Pumarol credits her resilience for her career success, “Because of my heritage and type of experience I’ve been exposed to while growing up, there is a huge element of resilience and pursuit of personal growth,” she explains. “When I moved to the U.S., it was a lot about how to move forward and improve my situation, and how to gain more knowledge, and pursue my dreams. I had to overcome challenges such as coming as an immigrant, learning English fluently, dealing with imposter syndrome, being the only Latina and women engineer at work, and lacking confidence due to all of these obstacles. Being of Dominican heritage and a Latina, I want others to see that if I can make it, they can too.” 

Pumarol is also the lead and in charge of event planning for the Hispanic Heritage Month Committee on the national level for Medtronic, and has some advice for others, “Don’t ever be afraid to ask for help, and always seek mentors who can support and guide you in your industry.” 

Lisa Gutierrez 
Chief Diversity and Inclusion Office
Indiana University Health

“My passion is connecting the dots between amazing people, their backgrounds, and solving complex problems,” says Lisa Gutierrez, Chief Diversity and Inclusion Officer, Indiana University Health. 

Currently, IU Health is the largest health care system in the state of Indiana, and Gutierrez, serving as its Chief Diversity and Inclusion Officer, is in a unique position as a Latina to help promote cultural awareness and utilize her leadership platform to inspire and encourage employees in developing skills, knowledge, and creating an environment of inclusion. 

“My role focuses on integrating, embedding, and infusing diversity, equity and inclusion in every strategy in our system that impacts what matters most to current employees, future employees, patients, families, and community partners in one of the most complex and regulated industries, which is healthcare,” Gutierrez shares. “It’s challenging and so satisfying on so many levels.” 

Previously, Gutierrez had worked for Cardinal Health but left in 2018, “When I got laid off at Cardinal Health, lots of companies were coming after me, and I found myself in the middle of lots of opportunities,” she shares.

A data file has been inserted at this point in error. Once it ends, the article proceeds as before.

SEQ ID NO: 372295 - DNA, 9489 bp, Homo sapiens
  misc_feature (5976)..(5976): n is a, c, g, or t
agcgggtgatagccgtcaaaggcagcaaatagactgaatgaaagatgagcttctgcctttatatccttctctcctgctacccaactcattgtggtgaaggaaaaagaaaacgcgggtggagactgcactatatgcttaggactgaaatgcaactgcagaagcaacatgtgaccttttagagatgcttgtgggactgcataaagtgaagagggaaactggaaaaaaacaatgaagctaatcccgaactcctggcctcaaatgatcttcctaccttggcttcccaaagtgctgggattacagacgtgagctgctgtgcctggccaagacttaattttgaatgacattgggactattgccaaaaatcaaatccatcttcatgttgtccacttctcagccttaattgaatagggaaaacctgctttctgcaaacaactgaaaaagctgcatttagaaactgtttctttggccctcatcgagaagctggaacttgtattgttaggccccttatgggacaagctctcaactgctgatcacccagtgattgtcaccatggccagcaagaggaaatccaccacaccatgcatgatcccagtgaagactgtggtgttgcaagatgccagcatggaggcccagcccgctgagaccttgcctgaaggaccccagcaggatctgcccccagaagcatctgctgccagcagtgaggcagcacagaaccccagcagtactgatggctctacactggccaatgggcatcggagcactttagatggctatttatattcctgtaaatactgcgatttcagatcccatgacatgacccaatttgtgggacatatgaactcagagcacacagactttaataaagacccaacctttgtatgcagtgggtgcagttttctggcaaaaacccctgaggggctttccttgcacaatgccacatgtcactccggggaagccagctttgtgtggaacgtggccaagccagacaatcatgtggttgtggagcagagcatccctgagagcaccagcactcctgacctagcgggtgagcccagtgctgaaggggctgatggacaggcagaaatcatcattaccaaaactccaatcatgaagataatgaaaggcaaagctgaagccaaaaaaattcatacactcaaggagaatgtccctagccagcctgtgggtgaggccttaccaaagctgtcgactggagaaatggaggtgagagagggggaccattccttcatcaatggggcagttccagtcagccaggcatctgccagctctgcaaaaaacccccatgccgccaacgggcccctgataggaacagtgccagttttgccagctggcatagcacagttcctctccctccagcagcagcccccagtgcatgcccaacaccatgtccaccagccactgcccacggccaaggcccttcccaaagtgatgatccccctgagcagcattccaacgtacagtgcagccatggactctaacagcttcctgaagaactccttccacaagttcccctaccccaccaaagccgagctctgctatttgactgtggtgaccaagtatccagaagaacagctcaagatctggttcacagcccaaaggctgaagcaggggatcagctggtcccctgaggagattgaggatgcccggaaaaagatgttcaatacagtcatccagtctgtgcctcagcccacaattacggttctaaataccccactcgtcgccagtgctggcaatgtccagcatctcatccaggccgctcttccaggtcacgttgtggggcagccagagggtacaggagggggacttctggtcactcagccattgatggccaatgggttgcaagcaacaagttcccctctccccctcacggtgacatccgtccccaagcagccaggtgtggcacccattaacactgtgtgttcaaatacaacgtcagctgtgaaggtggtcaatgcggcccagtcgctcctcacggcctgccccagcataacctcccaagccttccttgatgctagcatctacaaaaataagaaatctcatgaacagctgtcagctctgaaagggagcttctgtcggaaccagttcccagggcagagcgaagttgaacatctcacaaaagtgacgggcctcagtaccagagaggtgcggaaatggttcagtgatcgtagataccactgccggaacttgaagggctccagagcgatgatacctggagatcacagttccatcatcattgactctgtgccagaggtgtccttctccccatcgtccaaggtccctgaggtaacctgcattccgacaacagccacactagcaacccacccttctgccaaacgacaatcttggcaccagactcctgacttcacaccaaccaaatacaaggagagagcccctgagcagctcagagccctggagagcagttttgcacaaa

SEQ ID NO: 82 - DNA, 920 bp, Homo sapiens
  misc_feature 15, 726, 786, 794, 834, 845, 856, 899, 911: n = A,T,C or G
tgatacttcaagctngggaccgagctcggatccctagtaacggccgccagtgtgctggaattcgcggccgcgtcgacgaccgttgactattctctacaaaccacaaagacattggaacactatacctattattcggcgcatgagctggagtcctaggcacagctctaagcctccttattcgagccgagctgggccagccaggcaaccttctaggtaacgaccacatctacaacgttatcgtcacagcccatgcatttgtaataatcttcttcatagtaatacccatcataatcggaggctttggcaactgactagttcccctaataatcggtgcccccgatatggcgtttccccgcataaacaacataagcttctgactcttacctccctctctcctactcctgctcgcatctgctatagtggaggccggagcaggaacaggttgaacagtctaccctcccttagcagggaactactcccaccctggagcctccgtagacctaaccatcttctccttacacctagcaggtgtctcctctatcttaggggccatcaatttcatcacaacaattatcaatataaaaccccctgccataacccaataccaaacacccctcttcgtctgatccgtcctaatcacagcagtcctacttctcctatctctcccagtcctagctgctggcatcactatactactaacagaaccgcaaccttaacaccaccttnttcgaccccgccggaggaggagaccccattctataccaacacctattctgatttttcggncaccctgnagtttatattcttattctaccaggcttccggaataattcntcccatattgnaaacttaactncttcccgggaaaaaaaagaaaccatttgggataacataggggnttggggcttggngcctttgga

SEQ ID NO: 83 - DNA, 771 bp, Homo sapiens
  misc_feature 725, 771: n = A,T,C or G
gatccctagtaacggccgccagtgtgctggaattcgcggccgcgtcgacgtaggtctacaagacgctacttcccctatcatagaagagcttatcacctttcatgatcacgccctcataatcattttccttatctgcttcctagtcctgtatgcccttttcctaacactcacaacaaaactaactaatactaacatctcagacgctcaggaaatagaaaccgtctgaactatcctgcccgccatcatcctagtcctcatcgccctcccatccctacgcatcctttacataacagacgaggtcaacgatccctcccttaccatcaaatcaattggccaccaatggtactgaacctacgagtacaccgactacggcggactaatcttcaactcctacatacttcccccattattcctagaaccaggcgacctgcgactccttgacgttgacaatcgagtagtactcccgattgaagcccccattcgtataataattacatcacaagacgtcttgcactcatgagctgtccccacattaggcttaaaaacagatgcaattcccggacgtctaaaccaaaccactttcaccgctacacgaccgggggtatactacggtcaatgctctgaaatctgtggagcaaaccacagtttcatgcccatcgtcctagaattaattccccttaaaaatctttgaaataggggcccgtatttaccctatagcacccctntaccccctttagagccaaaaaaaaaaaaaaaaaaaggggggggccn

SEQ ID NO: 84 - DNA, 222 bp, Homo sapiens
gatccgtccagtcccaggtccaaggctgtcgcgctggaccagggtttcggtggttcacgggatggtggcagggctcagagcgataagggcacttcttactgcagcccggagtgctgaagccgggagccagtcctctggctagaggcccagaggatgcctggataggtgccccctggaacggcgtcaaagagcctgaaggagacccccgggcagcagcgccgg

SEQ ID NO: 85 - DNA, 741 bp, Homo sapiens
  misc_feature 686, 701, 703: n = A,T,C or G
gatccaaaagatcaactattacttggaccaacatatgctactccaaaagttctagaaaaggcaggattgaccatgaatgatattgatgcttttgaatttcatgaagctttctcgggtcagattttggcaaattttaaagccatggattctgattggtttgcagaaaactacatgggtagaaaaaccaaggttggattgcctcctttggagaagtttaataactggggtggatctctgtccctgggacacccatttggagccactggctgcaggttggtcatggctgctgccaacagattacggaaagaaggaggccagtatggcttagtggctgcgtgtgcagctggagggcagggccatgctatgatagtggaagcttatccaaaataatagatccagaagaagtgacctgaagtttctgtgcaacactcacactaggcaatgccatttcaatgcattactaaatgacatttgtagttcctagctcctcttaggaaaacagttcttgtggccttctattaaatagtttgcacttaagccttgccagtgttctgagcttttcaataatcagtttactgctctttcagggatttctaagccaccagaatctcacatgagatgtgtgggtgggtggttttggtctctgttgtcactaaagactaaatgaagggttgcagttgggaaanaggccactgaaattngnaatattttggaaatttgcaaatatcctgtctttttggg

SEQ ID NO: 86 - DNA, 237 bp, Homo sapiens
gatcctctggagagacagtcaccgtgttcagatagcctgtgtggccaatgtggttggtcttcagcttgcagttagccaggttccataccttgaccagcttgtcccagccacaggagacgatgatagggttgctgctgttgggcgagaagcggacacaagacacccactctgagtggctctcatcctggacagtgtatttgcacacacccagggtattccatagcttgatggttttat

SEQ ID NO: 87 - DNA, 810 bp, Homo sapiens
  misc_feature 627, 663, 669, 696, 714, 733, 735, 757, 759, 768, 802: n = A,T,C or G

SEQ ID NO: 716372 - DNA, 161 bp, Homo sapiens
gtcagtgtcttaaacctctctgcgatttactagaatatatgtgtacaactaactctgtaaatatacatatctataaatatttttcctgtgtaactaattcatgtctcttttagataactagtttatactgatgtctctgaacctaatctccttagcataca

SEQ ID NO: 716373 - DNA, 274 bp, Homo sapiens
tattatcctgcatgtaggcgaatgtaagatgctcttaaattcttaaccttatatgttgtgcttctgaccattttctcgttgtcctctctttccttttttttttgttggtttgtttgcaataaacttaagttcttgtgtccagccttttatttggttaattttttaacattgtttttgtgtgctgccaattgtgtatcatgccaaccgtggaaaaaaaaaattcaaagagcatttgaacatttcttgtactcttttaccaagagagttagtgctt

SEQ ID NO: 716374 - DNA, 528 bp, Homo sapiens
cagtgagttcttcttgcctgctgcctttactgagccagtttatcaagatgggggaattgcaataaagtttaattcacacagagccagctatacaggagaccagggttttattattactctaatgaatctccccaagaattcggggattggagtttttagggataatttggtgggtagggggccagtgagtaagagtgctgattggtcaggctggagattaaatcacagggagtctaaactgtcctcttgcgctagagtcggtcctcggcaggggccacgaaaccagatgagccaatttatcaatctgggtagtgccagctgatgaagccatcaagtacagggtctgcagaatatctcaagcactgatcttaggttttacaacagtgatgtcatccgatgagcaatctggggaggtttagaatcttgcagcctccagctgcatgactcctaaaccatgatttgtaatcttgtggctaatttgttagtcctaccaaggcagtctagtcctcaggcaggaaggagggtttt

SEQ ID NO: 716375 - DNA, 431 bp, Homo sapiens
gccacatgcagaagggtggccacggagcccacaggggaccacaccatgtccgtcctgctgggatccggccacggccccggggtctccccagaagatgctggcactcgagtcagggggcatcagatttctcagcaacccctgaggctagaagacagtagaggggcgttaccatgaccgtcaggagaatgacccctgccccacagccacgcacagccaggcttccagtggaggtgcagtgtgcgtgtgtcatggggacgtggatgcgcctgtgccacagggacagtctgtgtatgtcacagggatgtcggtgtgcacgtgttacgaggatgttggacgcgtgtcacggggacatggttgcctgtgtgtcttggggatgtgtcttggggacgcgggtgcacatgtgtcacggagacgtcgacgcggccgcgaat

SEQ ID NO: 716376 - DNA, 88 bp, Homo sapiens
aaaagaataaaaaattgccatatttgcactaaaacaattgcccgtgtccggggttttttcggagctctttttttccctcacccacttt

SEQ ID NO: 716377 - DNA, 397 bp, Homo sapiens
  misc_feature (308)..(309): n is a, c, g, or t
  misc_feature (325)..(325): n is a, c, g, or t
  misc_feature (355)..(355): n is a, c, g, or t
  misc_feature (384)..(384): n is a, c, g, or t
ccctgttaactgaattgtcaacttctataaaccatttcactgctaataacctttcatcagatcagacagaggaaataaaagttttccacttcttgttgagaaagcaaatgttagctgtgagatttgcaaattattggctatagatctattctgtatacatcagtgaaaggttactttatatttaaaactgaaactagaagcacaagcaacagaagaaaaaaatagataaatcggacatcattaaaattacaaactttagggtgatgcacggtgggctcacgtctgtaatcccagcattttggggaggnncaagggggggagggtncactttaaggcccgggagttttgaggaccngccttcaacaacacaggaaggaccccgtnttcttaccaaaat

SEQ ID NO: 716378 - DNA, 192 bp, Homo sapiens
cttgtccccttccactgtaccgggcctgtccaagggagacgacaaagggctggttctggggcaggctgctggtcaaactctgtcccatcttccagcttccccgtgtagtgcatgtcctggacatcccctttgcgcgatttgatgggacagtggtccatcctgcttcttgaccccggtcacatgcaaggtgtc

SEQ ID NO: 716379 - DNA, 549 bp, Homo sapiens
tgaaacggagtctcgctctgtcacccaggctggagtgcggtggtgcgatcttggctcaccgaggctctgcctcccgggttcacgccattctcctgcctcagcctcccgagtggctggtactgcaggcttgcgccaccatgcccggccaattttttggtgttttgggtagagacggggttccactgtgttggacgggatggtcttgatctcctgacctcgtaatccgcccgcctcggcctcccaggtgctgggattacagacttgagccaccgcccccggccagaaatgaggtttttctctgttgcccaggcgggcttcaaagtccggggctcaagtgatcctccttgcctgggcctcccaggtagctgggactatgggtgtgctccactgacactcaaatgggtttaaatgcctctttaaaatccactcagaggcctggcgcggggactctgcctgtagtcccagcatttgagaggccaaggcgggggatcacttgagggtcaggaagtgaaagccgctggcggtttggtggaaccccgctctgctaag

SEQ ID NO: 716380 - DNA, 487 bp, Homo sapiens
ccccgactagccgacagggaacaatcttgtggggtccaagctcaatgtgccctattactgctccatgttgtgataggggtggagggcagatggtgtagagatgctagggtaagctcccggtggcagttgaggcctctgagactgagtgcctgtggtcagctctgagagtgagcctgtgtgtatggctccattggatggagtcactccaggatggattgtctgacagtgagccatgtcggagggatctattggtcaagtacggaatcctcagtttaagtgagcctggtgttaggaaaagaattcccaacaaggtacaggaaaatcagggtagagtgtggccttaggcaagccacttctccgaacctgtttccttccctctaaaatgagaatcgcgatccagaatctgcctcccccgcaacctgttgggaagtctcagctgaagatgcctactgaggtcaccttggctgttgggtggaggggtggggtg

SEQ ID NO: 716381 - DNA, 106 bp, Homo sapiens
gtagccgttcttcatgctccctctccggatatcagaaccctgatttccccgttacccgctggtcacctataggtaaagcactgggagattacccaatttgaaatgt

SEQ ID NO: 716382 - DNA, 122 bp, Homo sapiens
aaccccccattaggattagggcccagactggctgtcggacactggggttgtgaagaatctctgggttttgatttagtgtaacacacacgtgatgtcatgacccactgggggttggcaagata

Gutierrez eventually chose to work with IU Health, located in the Indianapolis area and shares some personal insight into what attracted her to the organization. 

“At the time, my father was going through many health challenges, and one of my closest friends had been diagnosed with cancer,” she shares. “What really intrigued me about IU Health was having the opportunity and ability to help patients, families, and team members. There are also some really amazing people who work here, and I wanted to work for a leader/CEO who cared about racial justice as well.” 

IU Health is also one of the top 100 health care systems in the United States and currently has many employees working in various positions throughout the state. 

“We are a non-profit,” says Gutierrez. “We have a big commitment to helping the community and delivering excellent service. We have about 16 hospitals, 300 or so primary care, and specialty offices, over 3,800 physicians, and have advanced practice providers.” 

In her current role, she has also been able to help establish an anti-racist signatory and is currently working on patient civility strategy. 

“We acted and decided on definite strategies and commitments,” Gutierrez shares. “We have a lot of accountability partners, and a lot of systems in Indianapolis have joined in with us.” 

Gutierrez’s journey thus far has included working for over 15 years at Proctor and Gamble and launching and operating her consulting firm “LG Strategies, LLC.” Some challenges she has faced in her career have included job elimination and having to physical relocation for work. 

 “Most challenges I think of as lessons,” she shares. “Another obstacle I’ve experienced has been delivering results in all kinds of situations and showing an organization your value. Obstacles can lead to success. You eventually learn to conquer and navigate them, so they can be a blessing in disguise.” 

Today she encourages others to dream big and write their goals. “I didn’t dream big enough growing up, and I’ve noticed that in underrepresented groups, we tend to not dream big enough or feel we need to have everything together before we move forward with a goal,” she shares. “Get a passport, travel, and do things you have a passion for.”